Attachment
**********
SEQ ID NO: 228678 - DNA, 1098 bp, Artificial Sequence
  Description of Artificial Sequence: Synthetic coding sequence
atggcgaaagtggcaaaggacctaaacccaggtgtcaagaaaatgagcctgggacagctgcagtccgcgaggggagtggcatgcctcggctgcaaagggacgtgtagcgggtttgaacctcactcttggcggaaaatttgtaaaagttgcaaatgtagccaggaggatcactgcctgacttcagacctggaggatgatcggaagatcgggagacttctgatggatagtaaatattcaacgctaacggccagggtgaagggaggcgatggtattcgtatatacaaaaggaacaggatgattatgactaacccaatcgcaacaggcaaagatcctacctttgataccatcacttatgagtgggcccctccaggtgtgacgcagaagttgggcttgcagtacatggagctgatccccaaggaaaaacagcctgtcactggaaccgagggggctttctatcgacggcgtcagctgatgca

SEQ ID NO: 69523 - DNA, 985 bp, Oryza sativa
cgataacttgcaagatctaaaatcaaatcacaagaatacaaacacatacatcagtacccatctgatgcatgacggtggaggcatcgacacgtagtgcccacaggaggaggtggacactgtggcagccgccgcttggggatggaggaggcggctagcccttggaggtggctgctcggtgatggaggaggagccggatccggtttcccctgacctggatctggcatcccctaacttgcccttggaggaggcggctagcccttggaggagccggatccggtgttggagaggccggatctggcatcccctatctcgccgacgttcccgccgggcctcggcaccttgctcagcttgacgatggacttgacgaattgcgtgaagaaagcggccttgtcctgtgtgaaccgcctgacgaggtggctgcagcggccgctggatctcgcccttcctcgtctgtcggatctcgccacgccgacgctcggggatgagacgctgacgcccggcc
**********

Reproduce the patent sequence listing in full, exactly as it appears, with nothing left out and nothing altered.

SEQ ID NO: 228678 - DNA, 1098 bp, Artificial Sequence
  Description of Artificial Sequence: Synthetic coding sequence
atggcgaaagtggcaaaggacctaaacccaggtgtcaagaaaatgagcctgggacagctgcagtccgcgaggggagtggcatgcctcggctgcaaagggacgtgtagcgggtttgaacctcactcttggcggaaaatttgtaaaagttgcaaatgtagccaggaggatcactgcctgacttcagacctggaggatgatcggaagatcgggagacttctgatggatagtaaatattcaacgctaacggccagggtgaagggaggcgatggtattcgtatatacaaaaggaacaggatgattatgactaacccaatcgcaacaggcaaagatcctacctttgataccatcacttatgagtgggcccctccaggtgtgacgcagaagttgggcttgcagtacatggagctgatccccaaggaaaaacagcctgtcactggaaccgagggggctttctatcgacggcgtcagctgatgca

SEQ ID NO: 69523 - DNA, 985 bp, Oryza sativa
cgataacttgcaagatctaaaatcaaatcacaagaatacaaacacatacatcagtacccatctgatgcatgacggtggaggcatcgacacgtagtgcccacaggaggaggtggacactgtggcagccgccgcttggggatggaggaggcggctagcccttggaggtggctgctcggtgatggaggaggagccggatccggtttcccctgacctggatctggcatcccctaacttgcccttggaggaggcggctagcccttggaggagccggatccggtgttggagaggccggatctggcatcccctatctcgccgacgttcccgccgggcctcggcaccttgctcagcttgacgatggacttgacgaattgcgtgaagaaagcggccttgtcctgtgtgaaccgcctgacgaggtggctgcagcggccgctggatctcgcccttcctcgtctgtcggatctcgccacgccgacgctcggggatgagacgctgacgcccggcc